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Let $P\subset \mathbb{R}^2$ be a positive Lebesgue measure set. Then $P$ may not contain a subset of the form $A\times B$ where $A,B\subset \mathbb{R}$ are of positive Lebesgue measure.

For example consider $P=\{(x,y)\in [0,1]\times[0,1]:x-y\notin \mathbb{Q}\}.$

This example leads me to ask:

Given any $P\subset \mathbb{R}^2,$ a positive Lebesgue measure set, does there exists a measure zero set $U\subset \mathbb{R}^2$ such that $P\cup U$ contains a subset of the form $A\times B$ where $A,B\subset \mathbb{R}$ are of positive Lebesgue measure?

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No, in general this is not true. Denote by $\lambda^d$ Lebesgue measure in $\mathbb{R}^d$.

It is possible to construct a Borel set $A \in \mathcal{B}(\mathbb{R}^2)$ with strictly positive Lebesgue measure such that $\lambda^2(A^c \cap R)>0$ for any non-degenerate rectangle $R$, i.e. for any $R = S \times T$ where $S,T \in \mathcal{B}(\mathbb{R})$ have positive Lebesgue measure; the idea is to define

$$A:= \{(x,y) \in \mathbb{R}^2\:;\: x-y \in B\}$$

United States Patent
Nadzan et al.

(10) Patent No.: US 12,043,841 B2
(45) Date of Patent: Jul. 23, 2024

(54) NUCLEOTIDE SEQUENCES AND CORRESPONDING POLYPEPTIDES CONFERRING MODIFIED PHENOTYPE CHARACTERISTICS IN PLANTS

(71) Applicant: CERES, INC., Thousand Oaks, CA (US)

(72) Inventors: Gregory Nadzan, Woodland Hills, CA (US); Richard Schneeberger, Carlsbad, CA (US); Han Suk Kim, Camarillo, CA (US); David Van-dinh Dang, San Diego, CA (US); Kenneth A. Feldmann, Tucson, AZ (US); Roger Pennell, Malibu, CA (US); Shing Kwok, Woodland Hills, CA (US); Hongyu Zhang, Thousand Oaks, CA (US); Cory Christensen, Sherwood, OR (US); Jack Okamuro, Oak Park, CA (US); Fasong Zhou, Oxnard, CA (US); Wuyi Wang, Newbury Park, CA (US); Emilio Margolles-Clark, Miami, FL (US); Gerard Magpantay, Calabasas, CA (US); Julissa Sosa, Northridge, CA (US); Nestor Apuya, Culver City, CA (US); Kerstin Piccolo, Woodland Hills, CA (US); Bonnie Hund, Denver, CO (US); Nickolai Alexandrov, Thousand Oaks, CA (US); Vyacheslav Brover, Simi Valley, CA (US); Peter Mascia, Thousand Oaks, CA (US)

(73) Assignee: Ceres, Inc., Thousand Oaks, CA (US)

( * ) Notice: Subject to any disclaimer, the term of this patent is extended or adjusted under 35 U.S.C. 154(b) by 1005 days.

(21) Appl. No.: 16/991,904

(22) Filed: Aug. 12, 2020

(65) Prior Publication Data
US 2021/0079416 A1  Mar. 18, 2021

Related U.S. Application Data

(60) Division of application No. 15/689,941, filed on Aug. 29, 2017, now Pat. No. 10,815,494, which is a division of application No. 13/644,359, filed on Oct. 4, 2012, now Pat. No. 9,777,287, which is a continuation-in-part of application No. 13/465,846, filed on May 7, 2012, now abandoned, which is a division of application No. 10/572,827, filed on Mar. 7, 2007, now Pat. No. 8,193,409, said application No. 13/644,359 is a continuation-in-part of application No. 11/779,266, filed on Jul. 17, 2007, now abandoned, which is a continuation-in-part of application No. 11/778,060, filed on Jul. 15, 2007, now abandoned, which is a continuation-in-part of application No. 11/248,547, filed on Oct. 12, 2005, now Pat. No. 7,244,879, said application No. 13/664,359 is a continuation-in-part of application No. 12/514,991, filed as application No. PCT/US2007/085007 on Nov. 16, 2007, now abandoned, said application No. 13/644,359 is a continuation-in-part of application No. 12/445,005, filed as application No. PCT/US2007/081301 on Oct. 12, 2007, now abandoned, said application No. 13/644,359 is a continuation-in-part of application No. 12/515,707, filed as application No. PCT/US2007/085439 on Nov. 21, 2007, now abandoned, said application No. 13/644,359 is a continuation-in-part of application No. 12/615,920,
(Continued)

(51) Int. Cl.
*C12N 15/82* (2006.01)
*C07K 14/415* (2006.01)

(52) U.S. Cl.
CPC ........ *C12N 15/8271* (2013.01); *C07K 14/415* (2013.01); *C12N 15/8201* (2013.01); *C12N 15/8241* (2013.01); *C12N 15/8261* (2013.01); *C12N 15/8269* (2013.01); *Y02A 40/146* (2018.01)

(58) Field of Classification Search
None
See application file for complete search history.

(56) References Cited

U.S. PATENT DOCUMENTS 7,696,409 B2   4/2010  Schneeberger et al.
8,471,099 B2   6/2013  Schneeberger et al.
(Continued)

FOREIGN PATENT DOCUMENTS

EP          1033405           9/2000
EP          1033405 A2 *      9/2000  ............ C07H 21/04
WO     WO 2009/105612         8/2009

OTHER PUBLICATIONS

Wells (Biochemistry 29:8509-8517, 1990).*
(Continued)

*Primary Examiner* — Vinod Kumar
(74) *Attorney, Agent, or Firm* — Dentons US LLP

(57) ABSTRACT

for $B \in \mathcal{B}(\mathbb{R})$ such that $\lambda^1(B \cap I)>0$ and $\lambda^1(B^c \cap I)>0$ for any interval $I \neq \emptyset$. See [1] for a proof that this set does the job. In particular, if $N \subseteq \mathbb{R}^2$ is any Lebesgue null set, then $A \cup N$ still does not contain any rectangle $R$ since

$$\lambda^2((A \cup N)^c \cap R) = \lambda^2(A^c \cap R)>0.$$

[1] Darst, R. and Goffman, C.: A Borel Set which Contains no Rectangles. The American Mathematical Monthly 77 (1970) 728–729.

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  • $\begingroup$ Is $\lambda^m$ Lebesgue measure in $\mathbb{R}^m?$ $\endgroup$ Commented Sep 30, 2020 at 13:47
  • $\begingroup$ @Mathemajician Yes, exactly. $\endgroup$
    – saz
    Commented Sep 30, 2020 at 14:26
  • $\begingroup$ Thanks for the reference. It was immensely helpful. $\endgroup$ Commented Oct 1, 2020 at 2:00

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